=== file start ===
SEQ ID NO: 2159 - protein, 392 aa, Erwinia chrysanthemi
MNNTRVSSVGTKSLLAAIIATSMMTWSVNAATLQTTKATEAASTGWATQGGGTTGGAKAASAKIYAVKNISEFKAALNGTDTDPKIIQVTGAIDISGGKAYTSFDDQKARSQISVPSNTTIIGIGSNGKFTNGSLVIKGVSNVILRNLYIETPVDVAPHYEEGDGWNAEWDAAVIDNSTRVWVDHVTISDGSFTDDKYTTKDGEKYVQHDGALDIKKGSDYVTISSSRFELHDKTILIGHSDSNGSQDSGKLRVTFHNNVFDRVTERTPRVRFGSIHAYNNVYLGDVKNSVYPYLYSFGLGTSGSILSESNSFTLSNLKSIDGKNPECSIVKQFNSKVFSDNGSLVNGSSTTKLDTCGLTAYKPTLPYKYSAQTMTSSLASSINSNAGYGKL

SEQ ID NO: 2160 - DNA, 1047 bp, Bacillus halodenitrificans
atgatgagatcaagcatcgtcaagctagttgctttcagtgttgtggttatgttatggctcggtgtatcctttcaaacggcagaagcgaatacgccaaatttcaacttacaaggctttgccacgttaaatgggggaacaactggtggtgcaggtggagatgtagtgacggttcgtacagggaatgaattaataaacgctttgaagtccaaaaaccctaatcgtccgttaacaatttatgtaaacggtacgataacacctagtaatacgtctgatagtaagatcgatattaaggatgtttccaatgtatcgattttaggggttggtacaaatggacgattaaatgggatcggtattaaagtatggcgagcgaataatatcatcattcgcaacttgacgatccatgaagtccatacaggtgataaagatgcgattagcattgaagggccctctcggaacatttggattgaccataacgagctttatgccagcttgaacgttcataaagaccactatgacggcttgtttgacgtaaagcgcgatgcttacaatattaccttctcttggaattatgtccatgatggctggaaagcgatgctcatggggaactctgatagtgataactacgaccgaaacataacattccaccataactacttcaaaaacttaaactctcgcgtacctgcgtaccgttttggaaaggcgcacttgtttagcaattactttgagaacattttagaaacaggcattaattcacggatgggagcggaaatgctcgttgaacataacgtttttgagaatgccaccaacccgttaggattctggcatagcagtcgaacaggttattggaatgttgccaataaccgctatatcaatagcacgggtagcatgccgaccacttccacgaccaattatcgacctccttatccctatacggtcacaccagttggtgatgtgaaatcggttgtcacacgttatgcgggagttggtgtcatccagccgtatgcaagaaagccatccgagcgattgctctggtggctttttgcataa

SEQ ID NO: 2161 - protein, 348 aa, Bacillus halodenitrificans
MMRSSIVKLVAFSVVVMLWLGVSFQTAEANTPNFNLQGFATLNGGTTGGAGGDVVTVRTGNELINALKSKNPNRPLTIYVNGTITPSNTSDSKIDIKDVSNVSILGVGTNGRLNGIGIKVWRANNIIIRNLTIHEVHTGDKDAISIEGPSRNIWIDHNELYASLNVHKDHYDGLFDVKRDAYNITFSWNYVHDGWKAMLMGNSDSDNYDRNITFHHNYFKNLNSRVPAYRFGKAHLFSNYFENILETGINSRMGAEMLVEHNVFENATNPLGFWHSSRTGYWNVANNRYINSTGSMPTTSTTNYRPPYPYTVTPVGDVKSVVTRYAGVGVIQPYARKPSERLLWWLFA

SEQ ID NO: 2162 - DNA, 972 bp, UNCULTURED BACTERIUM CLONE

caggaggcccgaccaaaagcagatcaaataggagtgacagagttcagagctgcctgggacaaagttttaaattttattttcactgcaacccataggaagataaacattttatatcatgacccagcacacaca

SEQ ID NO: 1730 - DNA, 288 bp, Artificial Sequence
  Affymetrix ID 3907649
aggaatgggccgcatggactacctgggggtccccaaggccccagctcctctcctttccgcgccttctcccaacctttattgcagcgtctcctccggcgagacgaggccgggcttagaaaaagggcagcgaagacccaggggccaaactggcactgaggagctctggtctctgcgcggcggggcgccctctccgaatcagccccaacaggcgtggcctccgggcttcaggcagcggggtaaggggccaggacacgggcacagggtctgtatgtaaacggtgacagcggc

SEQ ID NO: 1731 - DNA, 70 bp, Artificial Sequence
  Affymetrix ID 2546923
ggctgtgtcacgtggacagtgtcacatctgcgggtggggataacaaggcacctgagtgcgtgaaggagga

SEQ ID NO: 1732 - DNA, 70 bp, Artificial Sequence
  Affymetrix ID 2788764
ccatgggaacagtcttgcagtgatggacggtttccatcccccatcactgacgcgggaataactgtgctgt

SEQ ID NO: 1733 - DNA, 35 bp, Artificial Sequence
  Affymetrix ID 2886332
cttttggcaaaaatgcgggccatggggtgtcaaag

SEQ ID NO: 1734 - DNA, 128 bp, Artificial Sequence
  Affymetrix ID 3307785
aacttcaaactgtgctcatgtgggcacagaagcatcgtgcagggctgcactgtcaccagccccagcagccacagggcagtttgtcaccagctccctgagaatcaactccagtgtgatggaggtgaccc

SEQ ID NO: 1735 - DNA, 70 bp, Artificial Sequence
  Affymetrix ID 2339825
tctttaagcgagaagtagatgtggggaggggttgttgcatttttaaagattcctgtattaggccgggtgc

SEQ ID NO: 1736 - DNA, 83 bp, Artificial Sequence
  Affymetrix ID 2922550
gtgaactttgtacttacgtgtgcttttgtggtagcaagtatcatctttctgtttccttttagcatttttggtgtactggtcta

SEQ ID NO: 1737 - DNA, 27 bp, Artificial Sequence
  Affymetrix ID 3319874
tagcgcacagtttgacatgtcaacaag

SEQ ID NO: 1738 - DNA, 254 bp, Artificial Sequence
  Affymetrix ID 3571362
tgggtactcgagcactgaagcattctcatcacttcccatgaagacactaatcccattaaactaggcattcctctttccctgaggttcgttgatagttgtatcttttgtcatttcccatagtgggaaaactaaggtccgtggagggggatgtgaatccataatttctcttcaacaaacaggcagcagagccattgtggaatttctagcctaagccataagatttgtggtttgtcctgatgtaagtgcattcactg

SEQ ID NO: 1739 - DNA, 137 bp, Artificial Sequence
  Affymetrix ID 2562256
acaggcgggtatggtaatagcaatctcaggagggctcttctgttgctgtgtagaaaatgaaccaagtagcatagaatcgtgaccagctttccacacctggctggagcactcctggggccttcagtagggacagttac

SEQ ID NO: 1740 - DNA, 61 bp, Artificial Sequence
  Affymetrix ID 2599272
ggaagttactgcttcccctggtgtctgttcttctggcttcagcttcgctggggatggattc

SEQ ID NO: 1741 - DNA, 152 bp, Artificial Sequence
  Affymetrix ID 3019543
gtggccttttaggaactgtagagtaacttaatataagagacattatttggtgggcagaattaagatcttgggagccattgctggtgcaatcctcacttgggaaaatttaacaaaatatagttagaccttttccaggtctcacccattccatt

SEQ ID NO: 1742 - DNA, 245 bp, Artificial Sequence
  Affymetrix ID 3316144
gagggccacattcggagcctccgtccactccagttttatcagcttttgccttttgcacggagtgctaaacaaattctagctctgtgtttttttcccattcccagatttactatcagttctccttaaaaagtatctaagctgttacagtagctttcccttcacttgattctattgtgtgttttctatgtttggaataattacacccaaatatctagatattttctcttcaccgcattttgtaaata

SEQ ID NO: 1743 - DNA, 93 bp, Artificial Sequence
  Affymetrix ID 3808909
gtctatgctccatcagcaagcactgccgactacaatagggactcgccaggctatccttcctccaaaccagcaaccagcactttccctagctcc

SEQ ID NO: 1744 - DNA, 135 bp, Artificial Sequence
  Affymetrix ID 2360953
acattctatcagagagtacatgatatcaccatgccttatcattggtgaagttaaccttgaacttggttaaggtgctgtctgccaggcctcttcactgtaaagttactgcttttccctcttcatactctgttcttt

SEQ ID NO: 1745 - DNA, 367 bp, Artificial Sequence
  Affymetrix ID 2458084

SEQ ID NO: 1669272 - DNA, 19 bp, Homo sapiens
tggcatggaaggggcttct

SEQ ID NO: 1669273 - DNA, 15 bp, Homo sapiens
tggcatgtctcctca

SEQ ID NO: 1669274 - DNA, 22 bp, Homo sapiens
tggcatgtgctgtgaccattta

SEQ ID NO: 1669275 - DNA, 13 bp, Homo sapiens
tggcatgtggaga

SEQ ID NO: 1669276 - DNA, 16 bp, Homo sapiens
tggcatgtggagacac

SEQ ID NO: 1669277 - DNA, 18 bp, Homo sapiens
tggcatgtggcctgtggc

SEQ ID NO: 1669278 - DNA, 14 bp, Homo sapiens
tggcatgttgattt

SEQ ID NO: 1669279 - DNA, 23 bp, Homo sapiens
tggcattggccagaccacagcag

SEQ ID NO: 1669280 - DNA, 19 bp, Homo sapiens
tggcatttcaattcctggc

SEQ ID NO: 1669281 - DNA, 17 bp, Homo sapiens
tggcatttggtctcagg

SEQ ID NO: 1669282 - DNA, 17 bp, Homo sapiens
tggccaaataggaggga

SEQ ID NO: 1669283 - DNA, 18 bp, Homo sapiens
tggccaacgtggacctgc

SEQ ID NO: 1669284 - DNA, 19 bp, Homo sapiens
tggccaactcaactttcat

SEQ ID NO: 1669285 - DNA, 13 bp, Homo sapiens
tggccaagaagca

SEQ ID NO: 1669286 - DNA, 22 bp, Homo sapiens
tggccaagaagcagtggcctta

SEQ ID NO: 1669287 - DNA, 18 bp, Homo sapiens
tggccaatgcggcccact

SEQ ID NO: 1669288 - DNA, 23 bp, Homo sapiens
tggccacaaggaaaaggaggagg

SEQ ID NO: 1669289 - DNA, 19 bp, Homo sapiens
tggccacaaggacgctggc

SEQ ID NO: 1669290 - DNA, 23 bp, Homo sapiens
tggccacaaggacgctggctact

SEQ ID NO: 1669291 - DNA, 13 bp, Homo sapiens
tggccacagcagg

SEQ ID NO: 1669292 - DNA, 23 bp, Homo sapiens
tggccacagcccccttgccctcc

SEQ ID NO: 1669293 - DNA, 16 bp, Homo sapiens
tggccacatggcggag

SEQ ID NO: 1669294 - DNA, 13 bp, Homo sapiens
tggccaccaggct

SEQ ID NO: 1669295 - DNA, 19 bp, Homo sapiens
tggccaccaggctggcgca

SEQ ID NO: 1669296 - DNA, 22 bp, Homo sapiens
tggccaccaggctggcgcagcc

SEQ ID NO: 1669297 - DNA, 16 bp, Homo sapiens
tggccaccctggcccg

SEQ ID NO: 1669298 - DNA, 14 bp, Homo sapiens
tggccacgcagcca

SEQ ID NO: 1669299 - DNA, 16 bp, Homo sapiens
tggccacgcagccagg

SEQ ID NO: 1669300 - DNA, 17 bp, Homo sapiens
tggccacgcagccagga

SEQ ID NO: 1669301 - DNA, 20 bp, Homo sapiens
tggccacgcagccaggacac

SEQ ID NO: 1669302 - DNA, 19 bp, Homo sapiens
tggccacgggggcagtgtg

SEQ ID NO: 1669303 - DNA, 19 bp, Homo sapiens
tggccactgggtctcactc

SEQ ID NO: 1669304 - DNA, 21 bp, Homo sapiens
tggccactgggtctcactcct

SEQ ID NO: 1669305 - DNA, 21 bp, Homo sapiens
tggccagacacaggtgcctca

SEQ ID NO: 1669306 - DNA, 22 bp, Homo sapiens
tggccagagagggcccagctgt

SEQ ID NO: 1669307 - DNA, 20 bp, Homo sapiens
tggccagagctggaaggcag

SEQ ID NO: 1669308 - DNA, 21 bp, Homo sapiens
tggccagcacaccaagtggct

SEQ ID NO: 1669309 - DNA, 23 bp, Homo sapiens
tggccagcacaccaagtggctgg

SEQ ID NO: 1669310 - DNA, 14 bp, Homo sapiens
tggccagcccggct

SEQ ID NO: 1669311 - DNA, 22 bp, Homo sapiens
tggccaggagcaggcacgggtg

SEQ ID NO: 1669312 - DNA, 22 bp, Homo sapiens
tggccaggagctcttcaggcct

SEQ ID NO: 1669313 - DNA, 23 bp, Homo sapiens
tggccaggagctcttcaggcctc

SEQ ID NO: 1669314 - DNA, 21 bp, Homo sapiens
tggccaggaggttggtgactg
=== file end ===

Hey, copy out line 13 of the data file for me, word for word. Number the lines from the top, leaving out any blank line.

  Affymetrix ID 2546923